‘Populating a universe is hard’ essay

An essay by me about populating universes with quirky memorable characters on the Beauty in Ruins website. I think people looking to add a little spice to their world-building will find this a little bit useful.

Beauty in Ruins: Populating a Universe is Hard . . . by C.T. Phipps…:

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Two essays by me for the Fantasy Book Critic!

Hey fans,

The FANTASY BOOK CRITIC has been a big supporter of my work. It’s probably my favorite review site on the web right now. One of the things they’ve done for me is they’ve shared two of my essays on writing which I recommend to both of you.

TO MYTHOS OR NOT MYTHOS – An essay which talks about whether or not to do works set in H.P. Lovecraft’s Cthulhu Mythos when you’re a new horror writer. It’s how I decided to do CTHULHU ARMAGEDDON.

GIVING BACK VAMPIRES THEIR BITE – An essay which discusses the nature of vampires in recent years and how they should be treated to get the maximum effect from their horror/sexiness. An essay related to STRAIGHT OUTTA FANGTON.

I hope you guys will enjoy.

“What every fantasy and sci-fi author can learn from Halo”


Here’s an article I wrote for Ragnarok Publications which I thought you would be interested in. Basically, I took a moment to talk about one of my favorite game series and their handling of storytelling in the original games. Basically, some advice on how to “hit the ground running” when you’re trying to capture a world.

What every sci-fi and fantasy author can learn from Halo

 No, I don’t mean how to tea-bag your opponents.

Nor do I mean selling out to Microsoft.

Not even how to craft excellent maps in multiplayer.

No, what I think every sci-fi and fantasy writer can learn from is the handling of Halo’s story.

*crickets chirp*

Okay, I see I’ve lost some of you there but I’m serious. In 2001, Halo: Combat Evolved came out and proceeded to light the gaming world on fire. It’s pretty much the reason why the X-box became something more than, “The console for people who can’t afford a Playstation.” 

But what I remember most about it is how the game managed to do something very unexpected: it took a game about shooting aliens and told a tremendously engaging story without ever pausing to explain it.

I hope you’ll check my article out.

“Every Street in Urban Fantasy is all the same (Except Yours)”

I’m pleased to say Ragnarok Publications has a growing collection of short articles talking about writing in the fantasy and science-fiction market by a bunch of my fellow authors. These articles don’t go very deep but contain some interesting little stories and ideas about everyone’s individual process. This week, we’ve got, “Every Every Street in Urban Fantasy is all the Same (Except Yours)” which is an article by me about how you can differentiate your story from the sea of other ones out there at present.

I had a lot of fun writing this and have agreed to submit numerous other little articles to Nick Sharps, webmaster at Ragnarok Publications, in the near-and-not-so-near future.

I hope people will check it out!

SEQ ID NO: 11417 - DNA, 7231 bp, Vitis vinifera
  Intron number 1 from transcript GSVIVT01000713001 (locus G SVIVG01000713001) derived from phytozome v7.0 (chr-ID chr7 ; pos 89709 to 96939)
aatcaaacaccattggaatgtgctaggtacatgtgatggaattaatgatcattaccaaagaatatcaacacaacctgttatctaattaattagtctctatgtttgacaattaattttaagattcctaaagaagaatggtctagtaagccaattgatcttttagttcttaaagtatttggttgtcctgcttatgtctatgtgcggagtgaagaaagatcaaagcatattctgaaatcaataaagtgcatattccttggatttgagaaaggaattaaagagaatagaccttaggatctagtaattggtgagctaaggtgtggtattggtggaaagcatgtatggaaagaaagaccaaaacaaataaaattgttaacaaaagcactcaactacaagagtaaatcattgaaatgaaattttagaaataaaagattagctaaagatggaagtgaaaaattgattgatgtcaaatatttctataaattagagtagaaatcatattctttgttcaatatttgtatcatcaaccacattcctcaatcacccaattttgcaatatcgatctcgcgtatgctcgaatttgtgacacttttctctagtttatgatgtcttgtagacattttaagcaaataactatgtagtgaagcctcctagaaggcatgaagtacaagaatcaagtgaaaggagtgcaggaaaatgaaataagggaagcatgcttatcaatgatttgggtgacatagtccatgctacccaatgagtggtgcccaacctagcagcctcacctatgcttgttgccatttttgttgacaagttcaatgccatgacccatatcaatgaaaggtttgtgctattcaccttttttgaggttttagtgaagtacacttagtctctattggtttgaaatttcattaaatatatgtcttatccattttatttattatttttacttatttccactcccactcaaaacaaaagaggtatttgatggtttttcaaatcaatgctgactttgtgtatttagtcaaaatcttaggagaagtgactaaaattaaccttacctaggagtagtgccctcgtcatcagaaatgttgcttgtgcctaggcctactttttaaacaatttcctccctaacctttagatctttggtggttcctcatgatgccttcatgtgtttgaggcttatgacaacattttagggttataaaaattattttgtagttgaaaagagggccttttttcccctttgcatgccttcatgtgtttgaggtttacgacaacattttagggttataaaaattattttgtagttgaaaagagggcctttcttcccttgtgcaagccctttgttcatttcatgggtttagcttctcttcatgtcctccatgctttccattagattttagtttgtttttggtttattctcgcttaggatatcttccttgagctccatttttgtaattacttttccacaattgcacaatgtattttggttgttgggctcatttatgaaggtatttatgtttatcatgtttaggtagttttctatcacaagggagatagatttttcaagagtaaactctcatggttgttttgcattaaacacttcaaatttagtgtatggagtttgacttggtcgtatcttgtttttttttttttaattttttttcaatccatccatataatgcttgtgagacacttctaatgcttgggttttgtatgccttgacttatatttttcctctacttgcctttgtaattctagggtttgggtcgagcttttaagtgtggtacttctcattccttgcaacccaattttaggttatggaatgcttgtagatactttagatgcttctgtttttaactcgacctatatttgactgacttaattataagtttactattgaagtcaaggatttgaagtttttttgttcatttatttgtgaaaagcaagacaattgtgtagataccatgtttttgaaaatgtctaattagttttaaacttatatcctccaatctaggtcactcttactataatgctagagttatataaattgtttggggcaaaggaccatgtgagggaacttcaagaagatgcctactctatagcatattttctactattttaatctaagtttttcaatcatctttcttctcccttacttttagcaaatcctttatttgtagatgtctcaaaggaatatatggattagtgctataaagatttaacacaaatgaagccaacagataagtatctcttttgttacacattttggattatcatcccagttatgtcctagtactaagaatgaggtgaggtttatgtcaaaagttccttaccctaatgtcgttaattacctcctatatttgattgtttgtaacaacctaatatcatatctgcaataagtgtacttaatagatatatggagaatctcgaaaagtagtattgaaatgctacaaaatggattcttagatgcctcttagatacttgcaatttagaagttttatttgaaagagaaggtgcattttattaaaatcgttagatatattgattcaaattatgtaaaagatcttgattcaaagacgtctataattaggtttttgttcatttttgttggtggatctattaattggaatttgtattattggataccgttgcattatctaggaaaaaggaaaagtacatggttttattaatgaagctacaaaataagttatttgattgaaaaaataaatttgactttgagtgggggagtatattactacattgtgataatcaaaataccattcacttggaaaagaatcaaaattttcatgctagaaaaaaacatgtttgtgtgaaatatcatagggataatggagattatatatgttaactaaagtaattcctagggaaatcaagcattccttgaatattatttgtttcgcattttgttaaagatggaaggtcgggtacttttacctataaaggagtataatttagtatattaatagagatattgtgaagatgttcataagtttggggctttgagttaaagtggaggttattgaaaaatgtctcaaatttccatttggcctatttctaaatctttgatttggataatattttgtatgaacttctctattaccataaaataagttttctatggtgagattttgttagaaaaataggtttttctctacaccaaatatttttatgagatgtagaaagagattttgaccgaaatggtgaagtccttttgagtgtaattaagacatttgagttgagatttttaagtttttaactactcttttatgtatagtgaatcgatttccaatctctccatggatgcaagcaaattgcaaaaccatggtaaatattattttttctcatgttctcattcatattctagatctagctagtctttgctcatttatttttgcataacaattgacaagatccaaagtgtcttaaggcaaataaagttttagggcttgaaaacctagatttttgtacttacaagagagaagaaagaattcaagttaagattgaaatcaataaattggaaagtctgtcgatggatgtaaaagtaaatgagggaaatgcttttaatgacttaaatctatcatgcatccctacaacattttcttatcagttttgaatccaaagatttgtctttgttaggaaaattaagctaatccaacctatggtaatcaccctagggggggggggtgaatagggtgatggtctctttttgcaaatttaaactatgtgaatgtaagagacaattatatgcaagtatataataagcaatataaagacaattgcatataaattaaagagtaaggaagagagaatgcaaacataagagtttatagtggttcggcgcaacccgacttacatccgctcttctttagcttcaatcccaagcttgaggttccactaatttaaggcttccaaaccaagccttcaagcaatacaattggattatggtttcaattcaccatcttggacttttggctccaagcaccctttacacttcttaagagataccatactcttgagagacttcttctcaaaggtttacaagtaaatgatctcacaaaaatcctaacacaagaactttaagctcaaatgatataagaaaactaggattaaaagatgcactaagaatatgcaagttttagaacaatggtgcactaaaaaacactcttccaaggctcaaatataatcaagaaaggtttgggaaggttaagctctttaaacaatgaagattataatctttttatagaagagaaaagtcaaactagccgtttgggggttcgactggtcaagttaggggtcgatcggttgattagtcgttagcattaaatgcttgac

Beam Sabers, Giant Robots, and Child-Pilots


One of the most anticipated books coming out from Ragnarok Publication this year is Mecha: Age of Steel which is the spiritual successor to their Kaiju: Age of Monsters anthology. In the Kaiju novel, they celebrated giant monsters and the robots which fought them. In Mecha, however, they’re doing a wonderfully adult take on the mecha genre.

While I didn’t write any stories for the anthology, I am going to be writing an introduction for the simple fact I am a huge-huge mecha fan. Here, on Ragnarok, I’ve already posted an article which I think people will like.

“Beam Sabers, Giant Robots, and Child Pilots”

    I remember when I was busing tables in high school, I got to see Gundam Wing as my first mecha anime. In retrospect, it had a lot of flaws but it had politics, depth, and amazing animated fights between gigantic robots. Much to my surprise, I found out most of my friends were already mecha fans. Some had been introduced to the genre by Robotech, Power Rangers, and Voltron: Defender of the Universe.

    After I watched Gundam Wing, I devoted myself to dozens of other series and gradually familiarized myself with the tropes inherent to each. I can describe intimately the in’s and out’s of Evangelions, Zakus, Arm Slaves, Gunmen, Aestivalis, and Go-Lions. In short, in matters mecha-nical, I am the very model of a Modern Mecha General. I may not keep up with the genre quite as much as I used to but the fact Ragnarok Publications was coming out with a giant robot anthology made me know I had to be involved.

    However tangentially.

I hope people enjoy.

    Read the Article Here

Always Chaotic Evil: In Defense of Orcs and Anti-Elves

Ragnarok Publications was kind enough to share a short little essay by me on my favorite misunderstood monster in fantasy: the orc. Who doesn’t love those green-skinned ne’er-do-wells? Well, apparently the gods of fantasy don’t because they always get the short end of the stick. But what is “evil” in fantasy and why must it always be the pug-looking tusked warrior races? I don’t get into it in-depth but my article talks a little about how it ties into my upcoming book Wraith Knight.

Check out the article here